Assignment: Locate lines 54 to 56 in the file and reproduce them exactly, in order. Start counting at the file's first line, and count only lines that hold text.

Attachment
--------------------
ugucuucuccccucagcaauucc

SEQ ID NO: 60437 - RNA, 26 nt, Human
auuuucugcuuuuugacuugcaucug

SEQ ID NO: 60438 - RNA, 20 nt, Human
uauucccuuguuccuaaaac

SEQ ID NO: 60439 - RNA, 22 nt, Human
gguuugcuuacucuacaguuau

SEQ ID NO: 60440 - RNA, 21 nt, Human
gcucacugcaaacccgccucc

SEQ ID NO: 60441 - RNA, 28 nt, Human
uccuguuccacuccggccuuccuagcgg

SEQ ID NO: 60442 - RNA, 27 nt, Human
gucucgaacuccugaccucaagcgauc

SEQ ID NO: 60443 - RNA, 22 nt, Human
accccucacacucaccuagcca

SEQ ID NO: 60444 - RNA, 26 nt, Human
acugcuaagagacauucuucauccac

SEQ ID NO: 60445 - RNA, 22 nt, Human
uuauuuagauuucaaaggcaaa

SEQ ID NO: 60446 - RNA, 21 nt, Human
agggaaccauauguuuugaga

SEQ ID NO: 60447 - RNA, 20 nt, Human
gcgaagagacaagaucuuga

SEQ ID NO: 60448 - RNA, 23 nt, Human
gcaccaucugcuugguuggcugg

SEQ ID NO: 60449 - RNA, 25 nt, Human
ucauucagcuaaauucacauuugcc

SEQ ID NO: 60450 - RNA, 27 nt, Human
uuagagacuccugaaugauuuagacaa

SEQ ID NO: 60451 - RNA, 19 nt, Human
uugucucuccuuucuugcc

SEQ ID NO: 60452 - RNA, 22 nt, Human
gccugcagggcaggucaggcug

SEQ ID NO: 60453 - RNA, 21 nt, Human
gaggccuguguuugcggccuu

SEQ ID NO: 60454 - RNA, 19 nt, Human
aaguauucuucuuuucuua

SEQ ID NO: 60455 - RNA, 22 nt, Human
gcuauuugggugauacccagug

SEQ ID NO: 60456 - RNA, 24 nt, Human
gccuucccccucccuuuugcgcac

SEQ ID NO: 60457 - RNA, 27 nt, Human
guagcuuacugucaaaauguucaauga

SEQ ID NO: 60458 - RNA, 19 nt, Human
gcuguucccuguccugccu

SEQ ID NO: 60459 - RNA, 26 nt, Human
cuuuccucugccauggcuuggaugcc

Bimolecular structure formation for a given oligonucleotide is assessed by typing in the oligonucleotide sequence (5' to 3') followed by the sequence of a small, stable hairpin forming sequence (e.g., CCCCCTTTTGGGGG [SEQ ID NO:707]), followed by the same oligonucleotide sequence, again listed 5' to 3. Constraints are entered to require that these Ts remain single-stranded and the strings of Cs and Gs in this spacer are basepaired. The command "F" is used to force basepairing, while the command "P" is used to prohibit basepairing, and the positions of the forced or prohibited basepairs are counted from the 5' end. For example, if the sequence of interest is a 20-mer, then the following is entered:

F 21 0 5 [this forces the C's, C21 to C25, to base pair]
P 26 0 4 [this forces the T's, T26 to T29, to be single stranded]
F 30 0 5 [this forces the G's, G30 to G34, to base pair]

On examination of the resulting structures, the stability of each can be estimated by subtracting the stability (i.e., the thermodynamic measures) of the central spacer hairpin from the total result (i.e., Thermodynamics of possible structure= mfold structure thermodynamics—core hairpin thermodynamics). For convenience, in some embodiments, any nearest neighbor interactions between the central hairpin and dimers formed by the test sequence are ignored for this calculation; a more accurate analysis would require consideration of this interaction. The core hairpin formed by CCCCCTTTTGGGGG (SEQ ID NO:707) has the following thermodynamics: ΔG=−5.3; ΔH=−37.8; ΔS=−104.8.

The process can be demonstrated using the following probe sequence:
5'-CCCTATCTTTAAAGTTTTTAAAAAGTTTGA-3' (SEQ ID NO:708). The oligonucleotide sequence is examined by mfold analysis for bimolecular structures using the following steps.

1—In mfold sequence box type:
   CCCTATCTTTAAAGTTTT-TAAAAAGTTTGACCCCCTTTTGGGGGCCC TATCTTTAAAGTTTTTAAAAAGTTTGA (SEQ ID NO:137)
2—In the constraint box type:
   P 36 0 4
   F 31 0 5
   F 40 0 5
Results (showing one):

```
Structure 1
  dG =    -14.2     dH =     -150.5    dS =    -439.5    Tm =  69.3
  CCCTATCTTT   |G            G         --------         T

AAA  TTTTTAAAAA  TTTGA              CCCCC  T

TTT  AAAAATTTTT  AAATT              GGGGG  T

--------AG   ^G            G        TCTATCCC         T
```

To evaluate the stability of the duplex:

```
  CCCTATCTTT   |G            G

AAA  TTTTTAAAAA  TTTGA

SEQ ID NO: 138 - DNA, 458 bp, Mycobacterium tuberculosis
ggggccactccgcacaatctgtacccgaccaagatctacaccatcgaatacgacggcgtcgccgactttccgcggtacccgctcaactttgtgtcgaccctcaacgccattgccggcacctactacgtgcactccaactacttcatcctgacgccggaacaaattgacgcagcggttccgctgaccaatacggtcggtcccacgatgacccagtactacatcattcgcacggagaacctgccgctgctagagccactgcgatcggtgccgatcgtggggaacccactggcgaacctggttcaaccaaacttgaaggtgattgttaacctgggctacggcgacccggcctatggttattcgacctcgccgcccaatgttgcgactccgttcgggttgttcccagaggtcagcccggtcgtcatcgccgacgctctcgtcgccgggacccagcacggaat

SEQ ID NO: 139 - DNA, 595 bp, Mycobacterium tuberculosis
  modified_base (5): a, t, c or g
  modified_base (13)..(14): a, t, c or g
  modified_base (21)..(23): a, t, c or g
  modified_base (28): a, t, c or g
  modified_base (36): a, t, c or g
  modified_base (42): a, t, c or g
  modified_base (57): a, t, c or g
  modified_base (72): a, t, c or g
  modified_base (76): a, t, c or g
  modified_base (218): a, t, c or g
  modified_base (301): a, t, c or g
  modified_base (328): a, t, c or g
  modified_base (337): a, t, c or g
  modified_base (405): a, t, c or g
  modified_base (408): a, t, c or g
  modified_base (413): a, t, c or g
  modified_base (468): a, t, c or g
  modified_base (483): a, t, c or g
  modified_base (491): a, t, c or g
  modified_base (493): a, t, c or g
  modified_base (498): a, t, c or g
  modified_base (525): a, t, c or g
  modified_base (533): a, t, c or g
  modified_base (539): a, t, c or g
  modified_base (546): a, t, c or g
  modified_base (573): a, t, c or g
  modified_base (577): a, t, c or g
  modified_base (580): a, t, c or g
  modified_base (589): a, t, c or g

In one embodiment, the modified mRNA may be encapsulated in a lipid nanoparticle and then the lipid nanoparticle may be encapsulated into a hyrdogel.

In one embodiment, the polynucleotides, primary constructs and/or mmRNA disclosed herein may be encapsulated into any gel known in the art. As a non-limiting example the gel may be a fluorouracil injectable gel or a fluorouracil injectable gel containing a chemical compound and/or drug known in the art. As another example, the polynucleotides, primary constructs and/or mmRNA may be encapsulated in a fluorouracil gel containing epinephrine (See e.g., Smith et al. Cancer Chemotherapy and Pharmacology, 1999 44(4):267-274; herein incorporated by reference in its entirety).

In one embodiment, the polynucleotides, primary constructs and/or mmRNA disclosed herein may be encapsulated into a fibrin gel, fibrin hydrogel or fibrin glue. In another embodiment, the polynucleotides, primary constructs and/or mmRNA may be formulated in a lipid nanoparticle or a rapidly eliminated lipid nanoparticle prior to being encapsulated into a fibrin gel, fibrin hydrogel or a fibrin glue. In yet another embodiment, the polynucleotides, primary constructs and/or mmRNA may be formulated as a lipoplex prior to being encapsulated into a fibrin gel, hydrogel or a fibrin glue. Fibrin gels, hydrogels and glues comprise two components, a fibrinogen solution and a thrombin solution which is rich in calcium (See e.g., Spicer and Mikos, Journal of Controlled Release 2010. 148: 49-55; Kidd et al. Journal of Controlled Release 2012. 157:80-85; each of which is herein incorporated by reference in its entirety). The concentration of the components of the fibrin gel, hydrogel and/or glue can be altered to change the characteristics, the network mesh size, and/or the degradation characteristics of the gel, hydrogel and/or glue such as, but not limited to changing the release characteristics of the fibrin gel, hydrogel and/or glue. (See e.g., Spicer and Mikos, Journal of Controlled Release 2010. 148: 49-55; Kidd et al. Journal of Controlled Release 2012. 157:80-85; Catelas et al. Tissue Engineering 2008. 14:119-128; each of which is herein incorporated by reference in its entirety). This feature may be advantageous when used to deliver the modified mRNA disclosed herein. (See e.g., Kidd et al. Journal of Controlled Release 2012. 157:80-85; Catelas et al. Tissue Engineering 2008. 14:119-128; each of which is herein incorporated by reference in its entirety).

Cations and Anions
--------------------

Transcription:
5'-CCCTATCTTTAAAGTTTTTAAAAAGTTTGA-3' (SEQ ID NO:708). The oligonucleotide sequence is examined by mfold analysis for bimolecular structures using the following steps.

1—In mfold sequence box type:
   CCCTATCTTTAAAGTTTT-TAAAAAGTTTGACCCCCTTTTGGGGGCCC TATCTTTAAAGTTTTTAAAAAGTTTGA (SEQ ID NO:137)